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Here are some observations:

Increasing `min_sample` makes the model much more stable. I believe the model will find it difficult to decide on what is an outlier when only sampling from from a minimum of two different samples.

I dropped this into a for-loop to iterate over some `min_samples` and this real steadied the model. Here it is:

``import numpy as np from sklearn import linear_model from sklearn.metrics import r2_score, mean_squared_error  # Data x = [-0.099000000000000005, 0.094, 1.3129999999999999, 0.096000000000000002, 0.088999999999999996, -0.002, 0.11, 2.1440000000000001, -0.0040000000000000001, 0.245, 0.66600000000000004, 1.0029999999999999, 0.71899999999999997, 1.9359999999999999, 0.098000000000000004, 0.39400000000000002, 0.35699999999999998, 1.284, -0.027, 0.123, 1.837, 0.85299999999999998, 1.0669999999999999, 0.126, 0.078, -0.001, 0.318, 0.39900000000000002, 1.4259999999999999, 1.4970000000000001, 1.0860000000000001, -0.10000000000000001, 1.296, 0.44700000000000001, 0.23599999999999999, 0.26300000000000001, 1.5589999999999999, 1.1200000000000001, 1.2390000000000001, 1.0920000000000001, 1.1779999999999999, 1.915, -0.10299999999999999, 0.156, 0.53200000000000003, 1.871, -1.2170000000000001, 0.38] * 10 y = [-4.5064700000000002, -3.8593700000000002, -3.5898699999999977, -3.7799699999999987, -3.7595699999999983, -3.8206699999999998, -3.7413699999999981, -3.0731699999999975, -3.7439699999999974, -3.6922700000000006, -3.7251700000000003, -3.6609700000000007, -3.8754699999999982, -3.1616699999999973, -3.8635699999999993, -3.8146700000000013, -3.6913699999999992, -3.5147699999999986, -3.852369999999997, -3.8125699999999991, -0.58567000000000036, -3.81447, -3.6871699999999983, -3.6793700000000005, -3.8035699999999988, -3.8506699999999991, -3.6703700000000019, -3.7025699999999979, -2.6628699999999981, -3.5626700000000007, -3.0997699999999959, 1.2492300000000007, -3.7071510000000014, -3.9486509999999981, -3.7250509999999988, -3.9179509999999986, -3.5861509999999974, -3.8082509999999985, -3.7271509999999992, -3.780851000000002, -3.6115509999999986, -3.4124880000000033, -3.8527880000000003, -3.7375880000000006, -3.8264880000000012, -3.4370879999999993, -4.0668880000000005, -3.8614880000000014]*10 # Proper shape x, y = np.array(x).reshape(-1, 1), np.array(y).reshape(-1, 1)  # Fit linear model with RANSAC algorithm  # Run regression 10 times with the same raw data for n in range(2, 25):     RMSE = []      ransac = linear_model.RANSACRegressor(min_samples=n, max_trials=10000000)       for _ in range(10):         ransac.fit(x, y)          # Estimated coefficients         m, c = float(ransac.estimator_.coef_), float(ransac.estimator_.intercept_) #         print("nm={:.3f}, c={:.3f}".format(m, c))          # R^2 & RMSE statistics         inlier_mask = ransac.inlier_mask_         x_accpt, y_accpt = x[inlier_mask], y[inlier_mask]         y_predict = m * x_accpt + c         R2 = r2_score(y_accpt, y_predict)         RMSE.append(np.sqrt(mean_squared_error(y_accpt, y_predict))) #         print("R^2: {:.3f}, RMSE: {:.3f}".format(R2, RMSE))     print('min_samples: %d' % n, 'std: %f' % np.std(RMSE)) ``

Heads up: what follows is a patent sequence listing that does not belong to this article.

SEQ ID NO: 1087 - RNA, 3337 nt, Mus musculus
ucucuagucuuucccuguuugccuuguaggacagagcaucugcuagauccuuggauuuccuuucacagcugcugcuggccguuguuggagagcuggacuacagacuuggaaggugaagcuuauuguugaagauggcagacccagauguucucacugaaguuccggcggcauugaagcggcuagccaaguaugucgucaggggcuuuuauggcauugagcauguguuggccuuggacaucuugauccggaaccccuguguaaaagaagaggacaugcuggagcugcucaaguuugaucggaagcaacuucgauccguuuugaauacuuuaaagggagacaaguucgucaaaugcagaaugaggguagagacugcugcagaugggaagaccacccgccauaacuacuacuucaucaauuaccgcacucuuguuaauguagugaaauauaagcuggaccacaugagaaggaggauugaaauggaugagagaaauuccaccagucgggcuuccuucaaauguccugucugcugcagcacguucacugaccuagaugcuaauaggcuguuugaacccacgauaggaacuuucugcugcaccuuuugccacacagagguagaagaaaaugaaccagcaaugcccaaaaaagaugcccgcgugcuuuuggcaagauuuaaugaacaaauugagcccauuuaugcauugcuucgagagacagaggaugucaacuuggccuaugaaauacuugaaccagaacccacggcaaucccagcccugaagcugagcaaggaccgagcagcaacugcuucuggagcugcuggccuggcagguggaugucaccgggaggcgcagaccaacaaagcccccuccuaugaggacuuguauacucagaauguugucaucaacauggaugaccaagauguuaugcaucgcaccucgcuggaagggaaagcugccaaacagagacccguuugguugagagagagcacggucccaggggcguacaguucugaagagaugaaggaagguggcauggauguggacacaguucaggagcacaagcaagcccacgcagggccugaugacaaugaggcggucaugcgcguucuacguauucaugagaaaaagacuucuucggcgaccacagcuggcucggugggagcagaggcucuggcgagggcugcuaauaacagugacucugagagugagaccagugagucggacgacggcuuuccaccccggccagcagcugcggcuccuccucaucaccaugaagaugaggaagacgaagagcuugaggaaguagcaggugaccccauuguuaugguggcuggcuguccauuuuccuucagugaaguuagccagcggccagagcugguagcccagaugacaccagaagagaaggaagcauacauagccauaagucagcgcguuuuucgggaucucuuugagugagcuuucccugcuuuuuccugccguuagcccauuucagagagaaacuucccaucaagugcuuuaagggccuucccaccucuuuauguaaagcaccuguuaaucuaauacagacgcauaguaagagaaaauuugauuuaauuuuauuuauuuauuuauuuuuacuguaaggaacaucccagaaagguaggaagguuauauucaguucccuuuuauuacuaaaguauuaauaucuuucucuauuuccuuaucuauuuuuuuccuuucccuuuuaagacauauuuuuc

and the output,

``min_samples: 2 std: 0.003821 min_samples: 3 std: 0.003895 min_samples: 4 std: 0.002477 min_samples: 5 std: 0.002746 min_samples: 6 std: 0.003013 min_samples: 7 std: 0.002673 min_samples: 8 std: 0.002763 min_samples: 9 std: 0.001543 min_samples: 10 std: 0.001367 min_samples: 11 std: 0.001390 min_samples: 12 std: 0.001390 min_samples: 13 std: 0.001486 min_samples: 14 std: 0.001390 min_samples: 15 std: 0.001214 min_samples: 16 std: 0.001390 min_samples: 17 std: 0.000000 min_samples: 18 std: 0.000910 min_samples: 19 std: 0.000000 ``

and a graph of the trend, `x` is `min_samples` and `y` the standard deviation of the `RMSE`.